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    Hobbit Vomit, Schmobbit Vomit: Why Peter Jackson's New Movie Will Be Big Anyway

    The Hobbit: An Unexpected Journey Warner Bros. Pictures

    Because it's The Hobbit.

    Despite mixed reviews, talk of a "curse," and the reputed scourge of "Hobbit vomit," The Hobbit: An Unexpected Journey, opening in theaters midnight Friday, should be fine.

    Box-office forecasts for the Peter Jackson film's opening weekend are ranging from the very big ($130 million, per BoxOffice.com) to the merely big (in the neighborhood of $100 million, per Exhibitor Relations). 

    Jackson defends his Hobbit

    One reason: The movie is opening everywhere (on 4,000-plus screens) on virtually everything.

    Not unlike Star Wars fans who own six different versions of Star Wars, Hobbit audiences will be able to see the Jackson film six different ways: in 2-D, 2-D IMAX, 3-D, 3-D IMAX, 3-D HFR for "High Frame Rate," the all-new format that promises the clearest of pictures, and 3-D HFR IMAX.

    All those 3-D options mean more opportunities for moviegoers to spend more money, Exhibitor Relations box-office analyst Jeff Bock points out, "around $4 a pop" more on tickets. (One small comfort, and one discomfort: The HFR 3-D versions, available at about 450 North American locations, won't cost any more than the standard 3-D versions; in big cities like Los Angeles, however, a 3-D IMAX ticket of either the standard or HFR variety will run you nearly $20.)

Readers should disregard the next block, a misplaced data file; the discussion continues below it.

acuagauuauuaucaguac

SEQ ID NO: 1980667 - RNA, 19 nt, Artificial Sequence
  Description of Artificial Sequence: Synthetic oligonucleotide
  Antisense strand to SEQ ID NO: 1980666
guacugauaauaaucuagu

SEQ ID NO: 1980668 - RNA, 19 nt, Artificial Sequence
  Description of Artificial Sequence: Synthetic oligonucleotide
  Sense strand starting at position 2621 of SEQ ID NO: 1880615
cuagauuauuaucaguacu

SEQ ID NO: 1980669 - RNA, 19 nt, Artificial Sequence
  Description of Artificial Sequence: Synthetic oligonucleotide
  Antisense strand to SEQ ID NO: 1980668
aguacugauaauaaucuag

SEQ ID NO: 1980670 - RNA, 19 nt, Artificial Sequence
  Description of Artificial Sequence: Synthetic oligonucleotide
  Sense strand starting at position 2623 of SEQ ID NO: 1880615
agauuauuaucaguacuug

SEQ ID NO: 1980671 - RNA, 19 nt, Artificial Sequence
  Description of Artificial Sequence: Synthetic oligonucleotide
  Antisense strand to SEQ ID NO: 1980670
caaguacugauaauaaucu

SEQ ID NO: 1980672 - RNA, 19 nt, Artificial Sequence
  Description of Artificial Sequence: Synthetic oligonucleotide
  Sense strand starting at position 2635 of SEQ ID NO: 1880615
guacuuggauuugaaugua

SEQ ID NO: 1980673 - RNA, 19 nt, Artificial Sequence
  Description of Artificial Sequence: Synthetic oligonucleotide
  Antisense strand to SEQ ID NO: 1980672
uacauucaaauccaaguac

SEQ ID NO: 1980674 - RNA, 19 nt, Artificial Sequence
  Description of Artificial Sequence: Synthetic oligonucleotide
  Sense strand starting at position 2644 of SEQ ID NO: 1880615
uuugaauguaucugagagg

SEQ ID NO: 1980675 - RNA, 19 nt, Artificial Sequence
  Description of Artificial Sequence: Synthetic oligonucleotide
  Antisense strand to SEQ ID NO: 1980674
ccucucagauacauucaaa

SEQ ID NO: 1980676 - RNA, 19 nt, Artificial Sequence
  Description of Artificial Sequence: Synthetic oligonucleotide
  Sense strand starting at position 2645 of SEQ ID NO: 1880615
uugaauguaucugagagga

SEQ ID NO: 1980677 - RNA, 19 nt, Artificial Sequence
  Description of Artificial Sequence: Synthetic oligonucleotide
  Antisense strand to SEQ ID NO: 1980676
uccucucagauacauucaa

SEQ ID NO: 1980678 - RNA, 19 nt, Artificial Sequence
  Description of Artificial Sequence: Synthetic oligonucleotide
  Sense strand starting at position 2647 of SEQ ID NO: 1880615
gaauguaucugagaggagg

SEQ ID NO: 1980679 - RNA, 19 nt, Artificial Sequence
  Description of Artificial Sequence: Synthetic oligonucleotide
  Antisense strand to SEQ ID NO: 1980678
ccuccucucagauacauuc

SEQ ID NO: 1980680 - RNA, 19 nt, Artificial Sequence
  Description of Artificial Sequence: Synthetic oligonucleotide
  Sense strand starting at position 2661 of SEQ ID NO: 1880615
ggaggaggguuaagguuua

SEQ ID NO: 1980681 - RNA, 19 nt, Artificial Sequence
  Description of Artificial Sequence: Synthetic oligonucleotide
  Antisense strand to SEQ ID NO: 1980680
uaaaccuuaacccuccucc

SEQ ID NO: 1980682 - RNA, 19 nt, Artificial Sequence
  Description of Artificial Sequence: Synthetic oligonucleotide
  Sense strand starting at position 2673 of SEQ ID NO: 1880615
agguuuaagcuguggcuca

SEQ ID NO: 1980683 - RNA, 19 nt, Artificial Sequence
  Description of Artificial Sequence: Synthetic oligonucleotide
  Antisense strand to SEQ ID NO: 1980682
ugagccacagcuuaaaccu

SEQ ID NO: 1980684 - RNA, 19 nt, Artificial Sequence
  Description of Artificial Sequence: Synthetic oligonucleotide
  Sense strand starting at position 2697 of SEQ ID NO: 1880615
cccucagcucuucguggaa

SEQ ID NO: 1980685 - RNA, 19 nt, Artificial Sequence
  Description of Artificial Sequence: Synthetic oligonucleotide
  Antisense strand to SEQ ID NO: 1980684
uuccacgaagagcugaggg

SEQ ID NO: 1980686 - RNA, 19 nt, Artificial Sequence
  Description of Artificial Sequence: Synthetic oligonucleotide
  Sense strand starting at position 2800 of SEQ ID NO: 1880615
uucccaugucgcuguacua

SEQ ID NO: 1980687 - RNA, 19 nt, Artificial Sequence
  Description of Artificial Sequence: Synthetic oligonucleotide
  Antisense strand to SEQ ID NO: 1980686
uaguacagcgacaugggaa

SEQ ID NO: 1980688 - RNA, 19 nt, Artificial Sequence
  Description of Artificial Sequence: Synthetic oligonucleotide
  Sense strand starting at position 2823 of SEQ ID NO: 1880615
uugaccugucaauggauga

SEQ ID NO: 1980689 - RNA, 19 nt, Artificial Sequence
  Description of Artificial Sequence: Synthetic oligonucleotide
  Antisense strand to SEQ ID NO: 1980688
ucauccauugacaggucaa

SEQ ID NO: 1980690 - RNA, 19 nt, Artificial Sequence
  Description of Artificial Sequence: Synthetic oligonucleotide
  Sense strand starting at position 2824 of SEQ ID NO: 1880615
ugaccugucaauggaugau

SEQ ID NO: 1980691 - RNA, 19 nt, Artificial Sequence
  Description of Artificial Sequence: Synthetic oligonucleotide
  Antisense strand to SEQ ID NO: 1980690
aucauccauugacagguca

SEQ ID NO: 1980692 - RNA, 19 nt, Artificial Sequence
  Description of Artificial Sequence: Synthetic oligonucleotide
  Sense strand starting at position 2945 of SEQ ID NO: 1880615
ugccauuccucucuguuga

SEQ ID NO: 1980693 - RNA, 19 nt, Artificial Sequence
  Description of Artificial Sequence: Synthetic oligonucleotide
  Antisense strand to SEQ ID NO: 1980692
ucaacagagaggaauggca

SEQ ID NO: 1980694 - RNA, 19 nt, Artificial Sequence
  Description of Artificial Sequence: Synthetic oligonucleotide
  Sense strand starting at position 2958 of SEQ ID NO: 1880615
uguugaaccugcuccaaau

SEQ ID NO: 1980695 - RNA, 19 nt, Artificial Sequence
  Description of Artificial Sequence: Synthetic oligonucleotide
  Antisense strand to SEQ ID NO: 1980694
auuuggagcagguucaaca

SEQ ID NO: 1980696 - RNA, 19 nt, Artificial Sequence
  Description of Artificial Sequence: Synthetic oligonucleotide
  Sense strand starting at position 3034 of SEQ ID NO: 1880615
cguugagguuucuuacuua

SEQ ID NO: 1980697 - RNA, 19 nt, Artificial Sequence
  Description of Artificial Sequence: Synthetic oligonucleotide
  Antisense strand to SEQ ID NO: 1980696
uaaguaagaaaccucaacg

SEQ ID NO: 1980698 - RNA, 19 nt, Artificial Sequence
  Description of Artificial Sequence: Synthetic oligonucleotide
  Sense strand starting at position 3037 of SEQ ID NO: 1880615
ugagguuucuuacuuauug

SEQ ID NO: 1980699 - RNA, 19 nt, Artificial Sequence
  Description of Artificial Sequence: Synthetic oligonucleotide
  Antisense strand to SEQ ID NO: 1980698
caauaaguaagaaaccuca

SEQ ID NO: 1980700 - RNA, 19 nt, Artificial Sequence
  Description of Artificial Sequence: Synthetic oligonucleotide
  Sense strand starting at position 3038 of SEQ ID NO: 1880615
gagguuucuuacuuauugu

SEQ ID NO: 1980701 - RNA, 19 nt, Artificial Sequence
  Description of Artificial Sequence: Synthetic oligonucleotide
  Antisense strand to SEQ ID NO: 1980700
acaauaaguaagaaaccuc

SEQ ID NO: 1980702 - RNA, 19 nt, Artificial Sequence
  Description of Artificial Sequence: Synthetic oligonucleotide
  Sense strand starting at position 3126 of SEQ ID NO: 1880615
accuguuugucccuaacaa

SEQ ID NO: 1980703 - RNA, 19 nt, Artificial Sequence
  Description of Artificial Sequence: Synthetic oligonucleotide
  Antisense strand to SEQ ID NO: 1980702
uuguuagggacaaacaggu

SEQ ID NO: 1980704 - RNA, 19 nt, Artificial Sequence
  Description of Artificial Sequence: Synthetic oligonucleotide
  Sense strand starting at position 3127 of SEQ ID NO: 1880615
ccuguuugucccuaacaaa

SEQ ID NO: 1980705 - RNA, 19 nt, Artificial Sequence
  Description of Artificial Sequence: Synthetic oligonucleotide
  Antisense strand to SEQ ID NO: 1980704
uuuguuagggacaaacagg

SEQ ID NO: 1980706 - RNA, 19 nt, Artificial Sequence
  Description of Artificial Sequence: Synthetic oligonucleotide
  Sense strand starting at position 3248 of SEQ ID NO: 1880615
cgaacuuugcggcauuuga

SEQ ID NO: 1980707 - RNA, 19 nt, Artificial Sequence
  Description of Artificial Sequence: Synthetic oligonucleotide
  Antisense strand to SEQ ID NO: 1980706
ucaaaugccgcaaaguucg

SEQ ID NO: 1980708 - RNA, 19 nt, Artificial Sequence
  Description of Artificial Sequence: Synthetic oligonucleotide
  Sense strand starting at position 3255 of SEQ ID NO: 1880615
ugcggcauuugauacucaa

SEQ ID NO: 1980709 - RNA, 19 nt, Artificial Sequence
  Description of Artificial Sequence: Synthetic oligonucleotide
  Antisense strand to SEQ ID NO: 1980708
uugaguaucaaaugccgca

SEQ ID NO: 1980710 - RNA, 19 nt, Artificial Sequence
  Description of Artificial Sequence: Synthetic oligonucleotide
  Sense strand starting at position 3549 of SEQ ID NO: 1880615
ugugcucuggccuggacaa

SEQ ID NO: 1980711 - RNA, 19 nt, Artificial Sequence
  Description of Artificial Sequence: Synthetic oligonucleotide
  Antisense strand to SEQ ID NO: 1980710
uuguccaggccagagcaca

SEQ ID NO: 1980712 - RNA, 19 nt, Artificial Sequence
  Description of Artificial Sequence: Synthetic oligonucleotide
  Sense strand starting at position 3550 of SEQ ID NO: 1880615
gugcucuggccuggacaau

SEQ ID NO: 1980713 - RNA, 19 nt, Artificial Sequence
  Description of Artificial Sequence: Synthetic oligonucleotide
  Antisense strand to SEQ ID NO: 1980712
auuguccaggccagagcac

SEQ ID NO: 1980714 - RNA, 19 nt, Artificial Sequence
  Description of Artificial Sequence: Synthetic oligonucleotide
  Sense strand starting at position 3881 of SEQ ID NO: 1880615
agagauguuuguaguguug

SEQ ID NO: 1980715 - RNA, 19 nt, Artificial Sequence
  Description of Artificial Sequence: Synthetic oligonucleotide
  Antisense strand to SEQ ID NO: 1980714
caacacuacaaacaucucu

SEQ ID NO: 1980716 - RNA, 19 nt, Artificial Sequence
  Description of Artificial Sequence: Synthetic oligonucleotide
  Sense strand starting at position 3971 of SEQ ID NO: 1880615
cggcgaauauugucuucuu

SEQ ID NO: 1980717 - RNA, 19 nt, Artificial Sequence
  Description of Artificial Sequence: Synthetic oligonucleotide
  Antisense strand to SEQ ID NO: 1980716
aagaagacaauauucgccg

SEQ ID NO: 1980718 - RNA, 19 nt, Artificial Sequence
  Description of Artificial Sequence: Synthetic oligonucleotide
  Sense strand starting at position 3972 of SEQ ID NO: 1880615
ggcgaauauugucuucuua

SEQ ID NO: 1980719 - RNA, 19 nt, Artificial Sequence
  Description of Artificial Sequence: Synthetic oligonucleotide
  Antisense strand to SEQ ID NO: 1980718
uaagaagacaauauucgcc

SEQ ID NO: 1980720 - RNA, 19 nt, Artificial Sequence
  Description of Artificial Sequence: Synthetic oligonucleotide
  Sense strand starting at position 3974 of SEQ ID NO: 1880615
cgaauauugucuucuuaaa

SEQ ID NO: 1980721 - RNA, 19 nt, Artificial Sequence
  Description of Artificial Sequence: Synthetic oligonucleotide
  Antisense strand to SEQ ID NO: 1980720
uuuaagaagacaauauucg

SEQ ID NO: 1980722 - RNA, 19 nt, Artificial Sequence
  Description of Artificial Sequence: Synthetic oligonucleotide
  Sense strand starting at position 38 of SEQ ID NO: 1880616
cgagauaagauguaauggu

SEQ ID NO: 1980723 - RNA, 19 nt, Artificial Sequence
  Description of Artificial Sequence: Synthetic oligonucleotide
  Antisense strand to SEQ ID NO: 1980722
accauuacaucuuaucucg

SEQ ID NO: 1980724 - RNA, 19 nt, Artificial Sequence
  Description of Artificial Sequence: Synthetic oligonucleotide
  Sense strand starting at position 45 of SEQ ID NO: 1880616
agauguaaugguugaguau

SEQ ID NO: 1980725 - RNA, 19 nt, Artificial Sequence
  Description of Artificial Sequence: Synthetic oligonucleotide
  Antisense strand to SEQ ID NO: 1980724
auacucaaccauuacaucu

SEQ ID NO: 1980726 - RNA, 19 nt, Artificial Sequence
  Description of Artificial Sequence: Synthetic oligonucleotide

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    Another reason behind the bullish forecast: "Pent-up demand," Bock says. The Hobbit: An Unexpected Journey, the first of three planned films, marks Jackson's return to J.R.R. Tolkien nearly a decade after the release of the final Lord of the Rings movie, the Oscar-winning Return of the King.

    Then there's the matter of the playing field—it's empty. There hasn't been a blockbuster new release since Breaking Dawn Part 2 opened more than a month ago.

    If there's one strike against The Hobbit, it's that it's The Hobbit—it's not going to blow out the lights like a Twilight movie. The Tolkien crowd, which skews heavily toward families, is a marathon crowd. (Hence all the walking scenes in the Lord of the Rings.) Warner Bros. exec Jeff Goldstein expects The Hobbit to makes its money throughout the holidays.

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    "This movie really plays strongly," Goldstein says.

    And, no, Goldstein isn't concerned about the HFR controversy--the studio-dismissed report that the format induces nausea and dizziness. 

    Says Goldstein: "It just raises the level of people who are interested in what's going on."

    The Hobbit premieres (and premieres and premieres and…)

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